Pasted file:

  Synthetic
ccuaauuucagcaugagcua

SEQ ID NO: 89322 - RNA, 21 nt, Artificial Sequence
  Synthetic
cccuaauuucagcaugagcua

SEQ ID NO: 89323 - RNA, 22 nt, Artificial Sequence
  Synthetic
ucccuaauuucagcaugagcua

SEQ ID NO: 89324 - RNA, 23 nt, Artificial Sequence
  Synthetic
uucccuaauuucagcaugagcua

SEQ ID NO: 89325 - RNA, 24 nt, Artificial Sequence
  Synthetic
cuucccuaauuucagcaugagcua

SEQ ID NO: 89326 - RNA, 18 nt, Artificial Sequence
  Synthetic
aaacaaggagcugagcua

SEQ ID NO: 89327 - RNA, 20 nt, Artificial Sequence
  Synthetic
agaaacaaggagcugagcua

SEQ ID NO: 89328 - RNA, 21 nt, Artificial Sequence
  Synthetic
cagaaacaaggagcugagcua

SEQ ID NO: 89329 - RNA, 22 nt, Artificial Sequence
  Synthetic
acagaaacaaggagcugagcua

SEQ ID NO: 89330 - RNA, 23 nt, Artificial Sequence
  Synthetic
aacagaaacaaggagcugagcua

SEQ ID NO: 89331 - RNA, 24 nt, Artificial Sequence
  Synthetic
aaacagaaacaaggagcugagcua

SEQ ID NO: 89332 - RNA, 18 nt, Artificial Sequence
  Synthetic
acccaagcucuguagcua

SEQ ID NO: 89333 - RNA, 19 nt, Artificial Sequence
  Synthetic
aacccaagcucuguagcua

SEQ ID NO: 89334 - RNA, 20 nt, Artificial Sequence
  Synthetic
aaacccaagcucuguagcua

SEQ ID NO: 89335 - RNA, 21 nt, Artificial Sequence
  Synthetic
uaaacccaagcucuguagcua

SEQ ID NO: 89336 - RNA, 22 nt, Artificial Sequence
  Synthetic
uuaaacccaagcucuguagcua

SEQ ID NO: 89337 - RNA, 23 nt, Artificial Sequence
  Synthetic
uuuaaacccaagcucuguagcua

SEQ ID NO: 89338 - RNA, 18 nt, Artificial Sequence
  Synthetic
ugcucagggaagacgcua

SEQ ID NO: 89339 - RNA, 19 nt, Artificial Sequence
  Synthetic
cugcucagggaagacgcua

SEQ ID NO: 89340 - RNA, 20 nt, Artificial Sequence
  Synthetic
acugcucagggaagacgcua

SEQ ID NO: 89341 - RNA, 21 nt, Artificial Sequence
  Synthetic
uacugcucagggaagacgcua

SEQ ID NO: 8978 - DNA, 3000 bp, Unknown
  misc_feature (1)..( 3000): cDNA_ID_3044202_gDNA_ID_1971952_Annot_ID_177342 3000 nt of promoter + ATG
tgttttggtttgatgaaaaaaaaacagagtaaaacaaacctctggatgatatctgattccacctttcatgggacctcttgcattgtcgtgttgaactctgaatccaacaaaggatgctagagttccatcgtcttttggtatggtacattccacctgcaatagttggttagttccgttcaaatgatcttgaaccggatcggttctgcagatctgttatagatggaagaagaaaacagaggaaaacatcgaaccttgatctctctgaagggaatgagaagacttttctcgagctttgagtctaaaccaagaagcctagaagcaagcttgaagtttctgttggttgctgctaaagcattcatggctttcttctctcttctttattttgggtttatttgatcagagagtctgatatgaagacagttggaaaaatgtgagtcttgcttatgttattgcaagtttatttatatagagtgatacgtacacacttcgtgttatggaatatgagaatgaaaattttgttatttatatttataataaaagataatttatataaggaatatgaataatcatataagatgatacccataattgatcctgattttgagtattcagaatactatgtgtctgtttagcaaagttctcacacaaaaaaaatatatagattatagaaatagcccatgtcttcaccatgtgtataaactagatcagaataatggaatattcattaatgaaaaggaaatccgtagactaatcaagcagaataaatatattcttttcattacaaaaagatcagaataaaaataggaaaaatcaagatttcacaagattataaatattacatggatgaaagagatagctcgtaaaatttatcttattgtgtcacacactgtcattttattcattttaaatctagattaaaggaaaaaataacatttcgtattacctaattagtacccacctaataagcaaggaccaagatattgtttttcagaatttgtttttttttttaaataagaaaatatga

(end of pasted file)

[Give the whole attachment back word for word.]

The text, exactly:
  Synthetic
ccuaauuucagcaugagcua

SEQ ID NO: 89322 - RNA, 21 nt, Artificial Sequence
  Synthetic
cccuaauuucagcaugagcua

SEQ ID NO: 89323 - RNA, 22 nt, Artificial Sequence
  Synthetic
ucccuaauuucagcaugagcua

SEQ ID NO: 89324 - RNA, 23 nt, Artificial Sequence
  Synthetic
uucccuaauuucagcaugagcua

SEQ ID NO: 89325 - RNA, 24 nt, Artificial Sequence
  Synthetic
cuucccuaauuucagcaugagcua

SEQ ID NO: 89326 - RNA, 18 nt, Artificial Sequence
  Synthetic
aaacaaggagcugagcua

SEQ ID NO: 89327 - RNA, 20 nt, Artificial Sequence
  Synthetic
agaaacaaggagcugagcua

SEQ ID NO: 89328 - RNA, 21 nt, Artificial Sequence
  Synthetic
cagaaacaaggagcugagcua

SEQ ID NO: 89329 - RNA, 22 nt, Artificial Sequence
  Synthetic
acagaaacaaggagcugagcua

SEQ ID NO: 89330 - RNA, 23 nt, Artificial Sequence
  Synthetic
aacagaaacaaggagcugagcua

SEQ ID NO: 89331 - RNA, 24 nt, Artificial Sequence
  Synthetic
aaacagaaacaaggagcugagcua

SEQ ID NO: 89332 - RNA, 18 nt, Artificial Sequence
  Synthetic
acccaagcucuguagcua

SEQ ID NO: 89333 - RNA, 19 nt, Artificial Sequence
  Synthetic
aacccaagcucuguagcua

SEQ ID NO: 89334 - RNA, 20 nt, Artificial Sequence
  Synthetic
aaacccaagcucuguagcua

SEQ ID NO: 89335 - RNA, 21 nt, Artificial Sequence
  Synthetic
uaaacccaagcucuguagcua

SEQ ID NO: 89336 - RNA, 22 nt, Artificial Sequence
  Synthetic
uuaaacccaagcucuguagcua

SEQ ID NO: 89337 - RNA, 23 nt, Artificial Sequence
  Synthetic
uuuaaacccaagcucuguagcua

SEQ ID NO: 89338 - RNA, 18 nt, Artificial Sequence
  Synthetic
ugcucagggaagacgcua

SEQ ID NO: 89339 - RNA, 19 nt, Artificial Sequence
  Synthetic
cugcucagggaagacgcua

SEQ ID NO: 89340 - RNA, 20 nt, Artificial Sequence
  Synthetic
acugcucagggaagacgcua

SEQ ID NO: 89341 - RNA, 21 nt, Artificial Sequence
  Synthetic
uacugcucagggaagacgcua

SEQ ID NO: 8978 - DNA, 3000 bp, Unknown
  misc_feature (1)..( 3000): cDNA_ID_3044202_gDNA_ID_1971952_Annot_ID_177342 3000 nt of promoter + ATG
tgttttggtttgatgaaaaaaaaacagagtaaaacaaacctctggatgatatctgattccacctttcatgggacctcttgcattgtcgtgttgaactctgaatccaacaaaggatgctagagttccatcgtcttttggtatggtacattccacctgcaatagttggttagttccgttcaaatgatcttgaaccggatcggttctgcagatctgttatagatggaagaagaaaacagaggaaaacatcgaaccttgatctctctgaagggaatgagaagacttttctcgagctttgagtctaaaccaagaagcctagaagcaagcttgaagtttctgttggttgctgctaaagcattcatggctttcttctctcttctttattttgggtttatttgatcagagagtctgatatgaagacagttggaaaaatgtgagtcttgcttatgttattgcaagtttatttatatagagtgatacgtacacacttcgtgttatggaatatgagaatgaaaattttgttatttatatttataataaaagataatttatataaggaatatgaataatcatataagatgatacccataattgatcctgattttgagtattcagaatactatgtgtctgtttagcaaagttctcacacaaaaaaaatatatagattatagaaatagcccatgtcttcaccatgtgtataaactagatcagaataatggaatattcattaatgaaaaggaaatccgtagactaatcaagcagaataaatatattcttttcattacaaaaagatcagaataaaaataggaaaaatcaagatttcacaagattataaatattacatggatgaaagagatagctcgtaaaatttatcttattgtgtcacacactgtcattttattcattttaaatctagattaaaggaaaaaataacatttcgtattacctaattagtacccacctaataagcaaggaccaagatattgtttttcagaatttgtttttttttttaaataagaaaatatga